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  4. I learned a lot from you. When I was in school I had a lot going on at home, but I never let anyone know about it. Even if I wanted to give up and go away, you always had an encouraging word to give to anyone who wanted it. I have to agree teaching is no longer teaching the kids about how to treat others in life, it is about making sure that students follow what they want all the teachers to teach so they can get the students to get good scores so that they can get more money. I have to say that it is all about anymore. I believe like many others that teachers should teach how they want to teach and not have to follow someones rules so they can get more money for everything else, but the teachers, that is where that money should go. I know teachers didn't get into teaching to make money, but to make sure that the kids you all teach will be able to make once they are done with school. Good luck in your retirement, I hope it is a good one, for any of the teachers I had, you were the best and I thank you for that.

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  5. Mr. Dudding, you are right on target. We chose private school for this very reason. I cannot believe that you have been teaching that long. Seems just like yesterday that we were getting in trouble with Miss Boothe.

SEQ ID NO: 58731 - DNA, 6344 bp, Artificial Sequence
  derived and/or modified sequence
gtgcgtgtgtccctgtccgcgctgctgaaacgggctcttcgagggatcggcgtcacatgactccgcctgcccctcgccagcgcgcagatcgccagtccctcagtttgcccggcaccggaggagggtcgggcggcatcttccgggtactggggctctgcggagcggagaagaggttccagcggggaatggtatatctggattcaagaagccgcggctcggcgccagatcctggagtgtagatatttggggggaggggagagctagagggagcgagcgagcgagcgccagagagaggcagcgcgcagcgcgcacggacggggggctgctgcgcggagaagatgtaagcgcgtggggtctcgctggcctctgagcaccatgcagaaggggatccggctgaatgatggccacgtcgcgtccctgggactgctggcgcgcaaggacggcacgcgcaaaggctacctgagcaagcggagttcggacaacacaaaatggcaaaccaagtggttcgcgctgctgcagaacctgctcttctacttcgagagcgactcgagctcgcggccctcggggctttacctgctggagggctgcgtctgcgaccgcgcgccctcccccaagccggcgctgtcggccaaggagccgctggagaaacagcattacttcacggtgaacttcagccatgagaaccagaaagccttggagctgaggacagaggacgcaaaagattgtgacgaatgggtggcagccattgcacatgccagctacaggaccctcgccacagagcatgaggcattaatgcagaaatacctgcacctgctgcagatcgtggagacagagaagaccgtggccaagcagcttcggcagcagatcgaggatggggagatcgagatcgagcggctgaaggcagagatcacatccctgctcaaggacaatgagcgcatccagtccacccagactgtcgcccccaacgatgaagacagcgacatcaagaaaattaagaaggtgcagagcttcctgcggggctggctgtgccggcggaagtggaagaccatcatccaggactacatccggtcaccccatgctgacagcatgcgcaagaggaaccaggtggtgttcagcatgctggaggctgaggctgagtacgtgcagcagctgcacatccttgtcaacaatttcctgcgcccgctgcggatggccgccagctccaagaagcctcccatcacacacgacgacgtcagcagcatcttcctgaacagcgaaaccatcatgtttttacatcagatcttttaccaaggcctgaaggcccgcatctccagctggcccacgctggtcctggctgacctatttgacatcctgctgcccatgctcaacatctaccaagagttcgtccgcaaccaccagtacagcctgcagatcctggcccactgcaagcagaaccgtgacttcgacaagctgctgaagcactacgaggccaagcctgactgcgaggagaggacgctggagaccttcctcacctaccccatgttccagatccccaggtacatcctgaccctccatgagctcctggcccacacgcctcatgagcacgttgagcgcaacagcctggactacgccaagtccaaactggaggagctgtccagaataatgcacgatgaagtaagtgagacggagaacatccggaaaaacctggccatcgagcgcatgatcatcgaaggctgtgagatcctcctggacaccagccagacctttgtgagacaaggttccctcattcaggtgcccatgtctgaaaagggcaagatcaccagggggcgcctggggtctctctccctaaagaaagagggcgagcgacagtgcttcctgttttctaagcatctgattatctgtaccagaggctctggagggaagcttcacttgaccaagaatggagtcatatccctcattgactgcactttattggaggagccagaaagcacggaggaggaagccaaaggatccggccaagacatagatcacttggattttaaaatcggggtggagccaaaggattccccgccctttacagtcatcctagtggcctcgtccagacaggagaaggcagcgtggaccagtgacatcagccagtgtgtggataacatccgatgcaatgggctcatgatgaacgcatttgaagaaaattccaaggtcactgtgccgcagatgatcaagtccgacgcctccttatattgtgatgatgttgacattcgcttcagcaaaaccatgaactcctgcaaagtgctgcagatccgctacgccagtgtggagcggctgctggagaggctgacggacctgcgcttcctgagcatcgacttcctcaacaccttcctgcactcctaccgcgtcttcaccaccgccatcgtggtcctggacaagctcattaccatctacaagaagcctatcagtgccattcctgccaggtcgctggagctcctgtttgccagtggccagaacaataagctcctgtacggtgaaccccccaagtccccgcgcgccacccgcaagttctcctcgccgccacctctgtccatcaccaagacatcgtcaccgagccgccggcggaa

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  6. Don, as always you continue to reach out and shake people from preconceived notions and hopefully into thinking for themselves. I had this experience some years ago when teaching at a alternative education campus, we had to submit monthly reports of each students progress and how we were implementing their IEP's. It was a wonderful caring and nurturing place for these student who literally fell thru the cracks. After two years the program was closed due to costs, even though the success rate was far better than any other program. Until the value of students who can think, reason and learn are valued higher than test scores it will continue in this trend. Thank you for all the sparks you and others like you have fired in young minds.

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  7. It was an honor and a privilege to be taught by you and your dad. It was your desire to not have a normal class that your peers would dictate by any means. The days of preparing for a test by playing jeopardy or something along those lines kept the classes from being boring by any means. My daughter is currently getting her degree as a special needs teacher and I listen to teachers today. It is never about our teachers but the system of politicians who has forgotten about a challenging profession that should be about learning and making the students learn to face the world not to pass the test that says nothing about who or what you are! You both will be missed and it is the school and students loss because of this system. god bless you and your family

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  8. Congratulations on the retirement.
    I had the privilege of having your father and you both as teachers and enjoyed you both. There will be a place in all of our hearts and live you both have touched.I am proud to have been a student of an institution that provided more than a cookie cutter education. Thanks again.